After homering in both games of Saturday's doubleheader, Orioles third baseman Manny Machado has now homered in four straight games, hitting five homers in that span to increase his career-high total to 35.
He is the first Orioles player to homer in four straight games since Caleb Joseph homered in five straight last year from Aug. 2-9. Four players have homered in at least five consecutive games, while Chris Davis (Sept. 26-Oct. 2, 2012) and Reggie Jackson (July 18-23, 1976) have both homered in a club-record six straight games.
Orioles manager Buck Showalter acknowledged that he didn't realize that Machado had that many homers this year -- it's been hard to keep up with him homering every game of late -- but said he was more impressed by another stat.
"I looked up there tonight and I went, 'He's got 35 home runs,'" Showalter said of Machado. "One of the most impressive things is 100 runs scored; what he's got, 101 now? It's hard to do, one, to stay on the field that much. I don't know what else you can ask a guy to do. He's stolen a base for us, he's played as good of defense as you can play, he helped us in the one hole when we had a need there."
Machado, who now has 101 runs, 35 homers and 20 stolen bases, became just the second player in the majors this season to record a 100-run, 30-homer, 20-steal season. Paul Goldschmidt of the Arizona Diamondbacks entered Saturday with 100 runs, 31 homers and 21 steals.
Machado also became just the second player in Orioles history to record a 100-run, 30-homer, 20-steal season. Brady Anderson had 117 runs, 50 homers and 21 steals in 1996.
The achievement alone is impressive. It's even more impressive when you consider that Machado just turned 23 in July.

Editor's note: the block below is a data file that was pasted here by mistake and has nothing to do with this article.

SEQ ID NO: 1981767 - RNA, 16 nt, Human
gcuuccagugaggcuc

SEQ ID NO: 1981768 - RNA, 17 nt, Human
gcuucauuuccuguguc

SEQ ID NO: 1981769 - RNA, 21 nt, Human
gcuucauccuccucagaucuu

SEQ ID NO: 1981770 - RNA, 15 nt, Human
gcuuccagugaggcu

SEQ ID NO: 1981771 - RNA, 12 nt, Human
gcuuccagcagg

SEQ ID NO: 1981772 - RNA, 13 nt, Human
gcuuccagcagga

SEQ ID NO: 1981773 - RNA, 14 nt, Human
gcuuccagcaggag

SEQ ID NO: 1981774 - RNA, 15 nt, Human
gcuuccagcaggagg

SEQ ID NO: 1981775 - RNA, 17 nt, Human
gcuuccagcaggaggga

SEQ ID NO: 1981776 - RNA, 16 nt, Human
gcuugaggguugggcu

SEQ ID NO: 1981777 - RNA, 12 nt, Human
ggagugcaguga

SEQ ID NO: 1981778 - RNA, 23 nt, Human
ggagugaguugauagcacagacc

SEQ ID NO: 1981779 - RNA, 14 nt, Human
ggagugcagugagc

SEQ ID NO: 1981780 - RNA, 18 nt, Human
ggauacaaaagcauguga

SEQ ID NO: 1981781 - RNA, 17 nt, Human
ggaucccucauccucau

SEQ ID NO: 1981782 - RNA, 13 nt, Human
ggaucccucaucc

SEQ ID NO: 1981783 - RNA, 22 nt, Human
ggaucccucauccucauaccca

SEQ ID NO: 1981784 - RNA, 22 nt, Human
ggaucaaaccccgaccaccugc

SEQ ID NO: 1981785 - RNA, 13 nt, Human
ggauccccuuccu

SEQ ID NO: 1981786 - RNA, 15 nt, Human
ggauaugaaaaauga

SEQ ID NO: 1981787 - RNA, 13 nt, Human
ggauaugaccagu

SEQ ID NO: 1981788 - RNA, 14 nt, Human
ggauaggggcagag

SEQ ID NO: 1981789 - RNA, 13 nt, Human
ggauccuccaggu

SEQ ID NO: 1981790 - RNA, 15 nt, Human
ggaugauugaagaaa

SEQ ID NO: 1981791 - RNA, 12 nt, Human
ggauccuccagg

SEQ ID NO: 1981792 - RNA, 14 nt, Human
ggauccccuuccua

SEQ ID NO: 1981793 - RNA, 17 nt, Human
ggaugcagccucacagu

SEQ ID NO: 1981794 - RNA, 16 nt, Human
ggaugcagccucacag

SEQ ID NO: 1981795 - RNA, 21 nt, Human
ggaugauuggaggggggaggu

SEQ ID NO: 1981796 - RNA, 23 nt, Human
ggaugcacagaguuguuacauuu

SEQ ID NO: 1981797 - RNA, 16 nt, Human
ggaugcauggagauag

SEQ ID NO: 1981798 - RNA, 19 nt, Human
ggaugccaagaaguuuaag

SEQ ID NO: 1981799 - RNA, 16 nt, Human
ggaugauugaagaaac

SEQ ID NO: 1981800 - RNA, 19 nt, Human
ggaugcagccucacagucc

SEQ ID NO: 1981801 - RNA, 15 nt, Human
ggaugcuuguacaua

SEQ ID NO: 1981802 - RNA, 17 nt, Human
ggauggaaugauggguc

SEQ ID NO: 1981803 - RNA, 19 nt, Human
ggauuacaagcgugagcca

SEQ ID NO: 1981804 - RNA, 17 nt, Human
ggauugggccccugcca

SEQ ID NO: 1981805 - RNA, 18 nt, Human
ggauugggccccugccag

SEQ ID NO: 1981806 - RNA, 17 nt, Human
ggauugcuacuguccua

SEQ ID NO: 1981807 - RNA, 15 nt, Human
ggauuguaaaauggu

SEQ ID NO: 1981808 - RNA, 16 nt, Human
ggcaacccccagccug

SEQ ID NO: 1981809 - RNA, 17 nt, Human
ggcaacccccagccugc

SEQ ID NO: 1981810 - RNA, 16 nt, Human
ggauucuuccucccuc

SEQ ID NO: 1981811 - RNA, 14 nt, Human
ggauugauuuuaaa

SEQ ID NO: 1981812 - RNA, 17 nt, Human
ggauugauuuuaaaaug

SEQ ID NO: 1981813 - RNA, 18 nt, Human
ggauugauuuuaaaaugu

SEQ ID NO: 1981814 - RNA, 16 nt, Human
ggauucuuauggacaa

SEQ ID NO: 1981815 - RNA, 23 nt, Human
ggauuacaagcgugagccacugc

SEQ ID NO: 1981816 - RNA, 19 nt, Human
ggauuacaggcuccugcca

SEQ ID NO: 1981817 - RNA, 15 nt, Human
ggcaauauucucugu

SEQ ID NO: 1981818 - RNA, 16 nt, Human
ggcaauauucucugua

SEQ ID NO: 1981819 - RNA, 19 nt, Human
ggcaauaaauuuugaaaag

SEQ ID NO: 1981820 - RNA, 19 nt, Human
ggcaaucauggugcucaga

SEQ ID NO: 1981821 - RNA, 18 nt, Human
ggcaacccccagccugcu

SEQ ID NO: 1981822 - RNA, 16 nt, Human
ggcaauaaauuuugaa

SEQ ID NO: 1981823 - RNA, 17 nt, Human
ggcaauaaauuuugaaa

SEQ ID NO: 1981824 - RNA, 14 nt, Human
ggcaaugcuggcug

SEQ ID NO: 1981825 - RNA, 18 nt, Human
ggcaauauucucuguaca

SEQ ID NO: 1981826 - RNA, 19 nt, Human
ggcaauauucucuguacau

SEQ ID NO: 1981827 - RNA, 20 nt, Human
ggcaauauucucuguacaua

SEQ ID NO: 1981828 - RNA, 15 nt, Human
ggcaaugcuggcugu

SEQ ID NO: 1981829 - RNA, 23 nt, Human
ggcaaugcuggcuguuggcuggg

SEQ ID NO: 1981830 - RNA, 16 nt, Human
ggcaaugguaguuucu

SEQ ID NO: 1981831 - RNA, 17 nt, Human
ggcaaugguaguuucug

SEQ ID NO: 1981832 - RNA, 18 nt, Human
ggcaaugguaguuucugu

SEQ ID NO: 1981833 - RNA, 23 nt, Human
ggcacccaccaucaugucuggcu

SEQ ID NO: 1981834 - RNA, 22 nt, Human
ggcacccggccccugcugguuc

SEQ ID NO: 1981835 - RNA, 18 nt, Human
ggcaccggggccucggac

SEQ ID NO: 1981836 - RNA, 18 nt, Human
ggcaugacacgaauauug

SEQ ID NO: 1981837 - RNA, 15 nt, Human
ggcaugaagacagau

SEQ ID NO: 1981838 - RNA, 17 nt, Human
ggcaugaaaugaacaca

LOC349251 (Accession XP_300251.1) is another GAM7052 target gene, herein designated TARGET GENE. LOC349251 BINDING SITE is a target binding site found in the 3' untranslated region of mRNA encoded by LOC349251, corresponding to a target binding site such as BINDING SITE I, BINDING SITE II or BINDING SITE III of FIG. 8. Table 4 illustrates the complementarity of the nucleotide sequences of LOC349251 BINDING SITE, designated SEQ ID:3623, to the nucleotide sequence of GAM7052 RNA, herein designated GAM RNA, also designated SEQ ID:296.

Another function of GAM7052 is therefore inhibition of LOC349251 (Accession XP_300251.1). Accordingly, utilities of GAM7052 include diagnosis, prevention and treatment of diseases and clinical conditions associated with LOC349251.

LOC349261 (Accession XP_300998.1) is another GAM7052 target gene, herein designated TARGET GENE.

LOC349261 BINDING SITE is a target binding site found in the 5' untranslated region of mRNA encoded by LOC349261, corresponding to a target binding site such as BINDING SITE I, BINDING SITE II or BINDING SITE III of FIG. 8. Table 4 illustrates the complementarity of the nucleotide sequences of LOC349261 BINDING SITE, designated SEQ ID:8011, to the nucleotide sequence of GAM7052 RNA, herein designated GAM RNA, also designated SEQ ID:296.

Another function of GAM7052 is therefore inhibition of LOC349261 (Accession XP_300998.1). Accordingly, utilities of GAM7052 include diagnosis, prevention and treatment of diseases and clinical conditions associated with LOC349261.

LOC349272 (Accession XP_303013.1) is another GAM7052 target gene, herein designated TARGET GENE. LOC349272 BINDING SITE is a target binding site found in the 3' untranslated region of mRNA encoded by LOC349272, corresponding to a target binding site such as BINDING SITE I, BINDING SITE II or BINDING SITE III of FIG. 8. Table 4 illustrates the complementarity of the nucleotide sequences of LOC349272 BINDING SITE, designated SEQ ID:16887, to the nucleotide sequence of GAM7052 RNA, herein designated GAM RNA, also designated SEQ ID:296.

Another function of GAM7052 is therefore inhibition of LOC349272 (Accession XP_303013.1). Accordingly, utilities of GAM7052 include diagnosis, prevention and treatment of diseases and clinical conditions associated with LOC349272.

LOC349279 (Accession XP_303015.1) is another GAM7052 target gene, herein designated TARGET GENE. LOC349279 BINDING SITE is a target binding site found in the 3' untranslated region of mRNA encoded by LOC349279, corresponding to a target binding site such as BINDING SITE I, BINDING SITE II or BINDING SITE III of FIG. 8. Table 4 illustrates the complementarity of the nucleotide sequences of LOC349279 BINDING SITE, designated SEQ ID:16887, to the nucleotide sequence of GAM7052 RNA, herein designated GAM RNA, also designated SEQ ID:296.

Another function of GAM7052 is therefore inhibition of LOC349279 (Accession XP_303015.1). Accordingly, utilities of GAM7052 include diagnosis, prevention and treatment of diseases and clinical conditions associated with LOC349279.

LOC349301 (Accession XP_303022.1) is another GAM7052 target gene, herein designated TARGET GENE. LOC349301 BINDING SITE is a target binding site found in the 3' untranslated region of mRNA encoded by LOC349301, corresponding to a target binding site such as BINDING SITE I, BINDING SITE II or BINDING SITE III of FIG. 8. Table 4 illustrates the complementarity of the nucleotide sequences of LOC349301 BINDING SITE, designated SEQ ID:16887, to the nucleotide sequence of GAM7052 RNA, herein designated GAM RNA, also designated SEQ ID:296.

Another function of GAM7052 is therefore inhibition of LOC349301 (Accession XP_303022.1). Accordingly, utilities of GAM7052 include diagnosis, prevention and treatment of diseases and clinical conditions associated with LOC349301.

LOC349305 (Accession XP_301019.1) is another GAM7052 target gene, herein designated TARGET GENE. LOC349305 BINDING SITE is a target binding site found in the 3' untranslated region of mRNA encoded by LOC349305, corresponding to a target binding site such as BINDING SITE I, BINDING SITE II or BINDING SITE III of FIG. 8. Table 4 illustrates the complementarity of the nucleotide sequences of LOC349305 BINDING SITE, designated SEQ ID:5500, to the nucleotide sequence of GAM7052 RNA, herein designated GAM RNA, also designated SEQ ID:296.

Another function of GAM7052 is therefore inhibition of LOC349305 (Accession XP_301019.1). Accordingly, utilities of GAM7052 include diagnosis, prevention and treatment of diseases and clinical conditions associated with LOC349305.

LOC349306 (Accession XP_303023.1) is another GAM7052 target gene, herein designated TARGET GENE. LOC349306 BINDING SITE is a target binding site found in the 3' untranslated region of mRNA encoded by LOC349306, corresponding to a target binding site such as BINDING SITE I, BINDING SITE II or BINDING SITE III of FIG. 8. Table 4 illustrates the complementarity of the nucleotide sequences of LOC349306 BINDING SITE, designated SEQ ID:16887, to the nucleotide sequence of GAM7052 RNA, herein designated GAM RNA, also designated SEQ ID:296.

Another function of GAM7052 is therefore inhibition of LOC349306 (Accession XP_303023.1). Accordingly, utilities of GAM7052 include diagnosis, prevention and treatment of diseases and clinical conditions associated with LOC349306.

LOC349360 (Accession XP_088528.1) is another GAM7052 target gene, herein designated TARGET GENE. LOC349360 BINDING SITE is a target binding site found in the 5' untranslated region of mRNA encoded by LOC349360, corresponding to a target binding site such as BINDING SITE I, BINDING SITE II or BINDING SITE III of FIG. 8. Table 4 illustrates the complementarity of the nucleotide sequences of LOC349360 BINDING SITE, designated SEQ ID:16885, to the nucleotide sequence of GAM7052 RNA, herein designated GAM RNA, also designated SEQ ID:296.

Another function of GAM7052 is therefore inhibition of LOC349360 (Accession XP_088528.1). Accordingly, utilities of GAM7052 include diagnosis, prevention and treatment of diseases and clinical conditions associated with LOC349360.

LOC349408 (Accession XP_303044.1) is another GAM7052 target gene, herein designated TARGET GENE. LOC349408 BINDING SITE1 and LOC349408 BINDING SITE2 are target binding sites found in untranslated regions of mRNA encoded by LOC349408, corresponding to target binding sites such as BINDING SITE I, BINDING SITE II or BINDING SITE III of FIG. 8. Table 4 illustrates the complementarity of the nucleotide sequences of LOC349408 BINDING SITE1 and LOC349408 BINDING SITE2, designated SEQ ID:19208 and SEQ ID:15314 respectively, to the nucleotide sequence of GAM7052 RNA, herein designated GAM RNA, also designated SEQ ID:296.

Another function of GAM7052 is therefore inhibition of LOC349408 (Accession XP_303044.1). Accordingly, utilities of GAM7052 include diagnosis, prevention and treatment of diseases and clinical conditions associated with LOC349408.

"I think you are seeing a guy evolve into somebody capable of hitting some other spots in the order," Showalter said. "And that's kind of how you hope the process goes when you first bring him up."
-- The Orioles entered the 2015 season with their most established starting rotation in years, but they end it realizing that they desperately need more depth in 2016.
The rotation struggled this season, and its decline might have been the biggest factor in the Orioles' disappointing season. As the Orioles battled through inconsistency and injury, the organization's lack of depth became evident.
"It's a challenge, it's something we're going to have to attack in the offseason," Showalter said. "I'm sure [executive vice president] Dan [Duquette] is on top of that. It's pretty obvious, a lot of the what-ifs. Some of them might be here. We've got to wait and see when the chairs stop moving, who's there. Every club's facing that this time of year, not just us. Obviously, we've got a lot of guys that, if they're not here will really affect what we have to do in the offseason. First place you always look is from within. We're going to need to try to get a little deeper there."
Eight different pitchers have made starts for the Orioles. There were the Orioles' six main starters this season -- the current rotation of Wei-Yin Chen, Chris Tillman, Ubaldo Jimenez, Miguel Gonzalez and Kevin Gausman, as well as Bud Norris, who made 11 starts before being released. Rookie right-handers Mike Wright and Tyler Wilson filled in for 14 combined starts.
The Orioles might have to replace Chen -- the team's most consistent starter -- because he becomes a free agent after this season.
Last season, just seven different pitchers made starts for the Orioles, but the starting rotation flourished, pitching to a collective 3.61 ERA, and for the most part avoided injury. That wasn't the case this year, so the Orioles undoubtedly would have liked to have had more starting options in the minors.
The Orioles had 14 different starters in 2013 and 12 different starters in 2012.
The club was depending on having top pitching prospects Dylan Bundy and Hunter Harvey available later in the season, but both pitchers' seasons were derailed by injury.